Two-thirds (67 percent) voter approval is necessary for the measure to pass. According to the latest voter poll results, the public safety tax has a broad base of support — 72 percent according to results gathered between Mar. 21, and Mar. 27, by EMC Research during a live telephone survey of likely voters in the unincorporated areas of Madera County.

“Core values” identified through the surveys included such items as:

Madera County County Fire Department:

  • Public Safety Madera County smAdditional Paid Firefighters
  • Additional Equipment
  • Enhanced Training
  • New and Enhanced Fire Station Services
  • Enhanced Fire Standards of Coverage and Response Times
  • Increased Paid Call Firefighter Services and Support
  • Reduced Home Insurance Policy Rate
  • Enhanced Dead Tree Removal

Madera County Sheriff’s Office:

  • Improved Response Times
  • Increased Sheriff Protection Coverage
  • Reduced Crime
  • Reduced Traffic Accidents
  • Safer County Environment
  • Enhanced Community Involvement and Education

For the entire Plan, including survey results, please visit

Many homeowners have suffered sticker shock in recent years, as the cost of homeowner’s insurance has skyrocketed, increasing in some cases to over five times what they had paid in previous years. Others have been unable to sell their homes as prospective buyers learn that no one will write insurance in their area.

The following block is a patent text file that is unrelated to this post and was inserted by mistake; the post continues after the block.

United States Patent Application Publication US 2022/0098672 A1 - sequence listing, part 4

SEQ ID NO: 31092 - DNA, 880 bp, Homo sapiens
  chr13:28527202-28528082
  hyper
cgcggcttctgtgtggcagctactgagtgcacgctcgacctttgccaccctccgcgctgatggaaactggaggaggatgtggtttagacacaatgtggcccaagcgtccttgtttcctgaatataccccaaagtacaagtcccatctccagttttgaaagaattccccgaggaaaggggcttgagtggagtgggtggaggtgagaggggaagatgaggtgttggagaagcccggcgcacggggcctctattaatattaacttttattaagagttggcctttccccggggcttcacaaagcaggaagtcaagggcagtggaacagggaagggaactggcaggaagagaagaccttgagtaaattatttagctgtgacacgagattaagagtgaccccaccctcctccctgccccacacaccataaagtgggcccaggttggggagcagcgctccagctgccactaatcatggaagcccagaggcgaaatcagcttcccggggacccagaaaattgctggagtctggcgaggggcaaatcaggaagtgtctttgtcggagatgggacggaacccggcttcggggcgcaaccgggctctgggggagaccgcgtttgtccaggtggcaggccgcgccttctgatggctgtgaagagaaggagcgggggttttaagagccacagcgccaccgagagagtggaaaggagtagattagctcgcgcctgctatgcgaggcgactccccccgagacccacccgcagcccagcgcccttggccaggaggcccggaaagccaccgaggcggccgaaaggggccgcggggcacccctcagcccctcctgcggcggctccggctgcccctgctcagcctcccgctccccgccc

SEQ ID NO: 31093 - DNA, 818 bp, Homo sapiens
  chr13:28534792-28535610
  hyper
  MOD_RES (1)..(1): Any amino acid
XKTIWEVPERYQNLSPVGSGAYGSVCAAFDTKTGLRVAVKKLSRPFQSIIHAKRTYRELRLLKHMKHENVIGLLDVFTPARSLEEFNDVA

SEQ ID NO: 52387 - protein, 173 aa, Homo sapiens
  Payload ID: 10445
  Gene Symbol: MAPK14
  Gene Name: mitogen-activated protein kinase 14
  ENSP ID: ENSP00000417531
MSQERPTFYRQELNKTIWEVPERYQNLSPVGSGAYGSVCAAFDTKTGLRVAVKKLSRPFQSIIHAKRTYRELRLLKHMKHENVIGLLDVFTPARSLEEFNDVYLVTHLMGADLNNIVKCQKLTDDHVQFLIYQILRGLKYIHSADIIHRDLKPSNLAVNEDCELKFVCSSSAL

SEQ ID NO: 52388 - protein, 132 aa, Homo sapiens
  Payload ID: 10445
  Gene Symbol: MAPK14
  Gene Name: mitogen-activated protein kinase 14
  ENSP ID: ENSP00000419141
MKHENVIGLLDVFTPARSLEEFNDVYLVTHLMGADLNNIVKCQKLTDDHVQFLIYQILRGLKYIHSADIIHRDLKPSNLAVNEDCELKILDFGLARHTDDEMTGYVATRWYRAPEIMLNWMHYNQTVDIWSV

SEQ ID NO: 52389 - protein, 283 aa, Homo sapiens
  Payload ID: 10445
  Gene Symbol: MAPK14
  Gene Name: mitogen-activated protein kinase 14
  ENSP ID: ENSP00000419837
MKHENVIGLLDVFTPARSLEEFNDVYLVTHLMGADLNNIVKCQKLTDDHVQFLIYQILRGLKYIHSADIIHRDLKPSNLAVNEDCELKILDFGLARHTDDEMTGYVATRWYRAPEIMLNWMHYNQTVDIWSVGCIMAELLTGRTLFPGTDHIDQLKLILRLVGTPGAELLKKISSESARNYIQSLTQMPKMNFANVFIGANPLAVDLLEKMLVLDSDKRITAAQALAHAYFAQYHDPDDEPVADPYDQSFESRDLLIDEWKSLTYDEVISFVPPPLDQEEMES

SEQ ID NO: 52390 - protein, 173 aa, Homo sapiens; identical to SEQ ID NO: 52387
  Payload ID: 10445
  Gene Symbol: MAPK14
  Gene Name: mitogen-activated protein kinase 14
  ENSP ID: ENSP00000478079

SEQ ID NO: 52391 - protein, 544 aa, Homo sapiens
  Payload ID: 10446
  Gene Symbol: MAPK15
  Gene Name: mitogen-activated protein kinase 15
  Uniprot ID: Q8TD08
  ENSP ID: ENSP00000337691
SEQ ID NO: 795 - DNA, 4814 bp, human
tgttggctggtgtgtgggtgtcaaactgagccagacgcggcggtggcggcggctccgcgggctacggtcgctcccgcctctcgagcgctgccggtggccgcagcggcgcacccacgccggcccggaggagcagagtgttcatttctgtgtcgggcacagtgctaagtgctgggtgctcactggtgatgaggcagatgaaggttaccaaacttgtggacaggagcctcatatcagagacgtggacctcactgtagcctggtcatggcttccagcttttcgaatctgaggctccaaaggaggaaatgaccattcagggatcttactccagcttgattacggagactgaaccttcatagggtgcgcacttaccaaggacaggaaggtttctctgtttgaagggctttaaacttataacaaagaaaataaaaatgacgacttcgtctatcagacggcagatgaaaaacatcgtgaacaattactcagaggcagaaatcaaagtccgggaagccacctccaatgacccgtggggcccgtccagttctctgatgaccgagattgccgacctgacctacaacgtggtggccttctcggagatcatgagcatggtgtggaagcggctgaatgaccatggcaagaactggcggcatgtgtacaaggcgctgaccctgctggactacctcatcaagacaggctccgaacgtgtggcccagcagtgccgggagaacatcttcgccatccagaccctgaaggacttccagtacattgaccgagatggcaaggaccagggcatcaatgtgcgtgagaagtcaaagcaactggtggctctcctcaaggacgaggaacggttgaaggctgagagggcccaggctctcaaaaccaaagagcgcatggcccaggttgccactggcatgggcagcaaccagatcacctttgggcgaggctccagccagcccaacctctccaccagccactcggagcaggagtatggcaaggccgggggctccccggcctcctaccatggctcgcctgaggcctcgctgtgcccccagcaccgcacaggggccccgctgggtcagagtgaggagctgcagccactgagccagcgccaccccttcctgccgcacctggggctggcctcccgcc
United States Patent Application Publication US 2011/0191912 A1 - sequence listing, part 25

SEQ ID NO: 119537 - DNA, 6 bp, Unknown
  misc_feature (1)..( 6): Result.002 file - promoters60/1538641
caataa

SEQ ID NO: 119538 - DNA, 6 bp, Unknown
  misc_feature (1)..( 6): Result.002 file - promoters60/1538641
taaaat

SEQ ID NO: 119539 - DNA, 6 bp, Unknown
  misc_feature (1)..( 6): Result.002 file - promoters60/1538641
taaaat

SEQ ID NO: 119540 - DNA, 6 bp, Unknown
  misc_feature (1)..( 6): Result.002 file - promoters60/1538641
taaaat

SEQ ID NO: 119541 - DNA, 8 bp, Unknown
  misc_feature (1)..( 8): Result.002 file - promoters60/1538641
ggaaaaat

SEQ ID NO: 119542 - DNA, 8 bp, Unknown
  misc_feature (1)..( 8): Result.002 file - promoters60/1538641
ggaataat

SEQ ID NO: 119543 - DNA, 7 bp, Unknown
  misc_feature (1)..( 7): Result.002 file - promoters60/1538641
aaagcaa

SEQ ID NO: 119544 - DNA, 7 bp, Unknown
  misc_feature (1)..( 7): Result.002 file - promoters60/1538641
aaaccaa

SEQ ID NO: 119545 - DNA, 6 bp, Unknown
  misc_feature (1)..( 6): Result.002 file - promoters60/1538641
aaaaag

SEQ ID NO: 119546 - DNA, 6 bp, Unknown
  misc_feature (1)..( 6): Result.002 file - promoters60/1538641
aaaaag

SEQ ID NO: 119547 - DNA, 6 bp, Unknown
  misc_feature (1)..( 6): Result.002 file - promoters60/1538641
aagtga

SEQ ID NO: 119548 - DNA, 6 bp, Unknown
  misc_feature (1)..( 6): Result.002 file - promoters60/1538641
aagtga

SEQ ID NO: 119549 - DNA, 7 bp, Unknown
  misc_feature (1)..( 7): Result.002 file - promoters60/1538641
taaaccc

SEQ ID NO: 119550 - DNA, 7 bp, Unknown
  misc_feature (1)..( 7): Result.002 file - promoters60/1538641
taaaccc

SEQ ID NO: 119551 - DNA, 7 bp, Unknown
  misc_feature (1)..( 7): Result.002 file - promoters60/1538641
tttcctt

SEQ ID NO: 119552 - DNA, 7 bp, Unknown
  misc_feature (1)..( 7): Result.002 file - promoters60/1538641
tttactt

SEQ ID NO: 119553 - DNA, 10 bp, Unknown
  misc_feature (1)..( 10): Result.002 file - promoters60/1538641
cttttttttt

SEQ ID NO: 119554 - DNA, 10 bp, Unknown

As stated in the Plan, “The National Fire Protection Association (NFPA) sets standards for fire protection services, and those standards reflect changing industry needs and evolving technologies.

“As NFPA standards and state and federal laws designed to implement these standards have evolved, neither the County nor higher levels of government have provided funding to improve staffing equipment and training needed to meet these higher standards. Thus over time, the County has fallen behind in terms of
standards of coverage and response times, essential services structures, and meeting fire engine and other equipment standards.

“It is important to note that improving fire safety capabilities to meet current standards will offer benefits to homeowners even when they are not directly affected by a fire. Not meeting NFPA standard currently results in poorratings by insurance companies; this results in annual policy premiums that are $500-$3500 higher for Madera property owners. Thus, passage of the Measure is expected to result in reduced home insurance policy rates, a benefit shared by all property owners.

“The Measure will also improve firefighters’ ability to respond to medical emergencies. In the unincorporated areas, ambulance services are scarce, and firefighters typically serve as first responders to accidents and other serious medical events.”

As is known by all first responders, every second counts in a medical emergency. In situations such as heart attack, stroke, or critical vehicle accident, improved response times, skills and tools will save lives.

For law enforcement, having more deputies on the road will improve public safety and shorted response times for service requests and active situations. The plan aims to put nine new deputies on the streets over the next six years.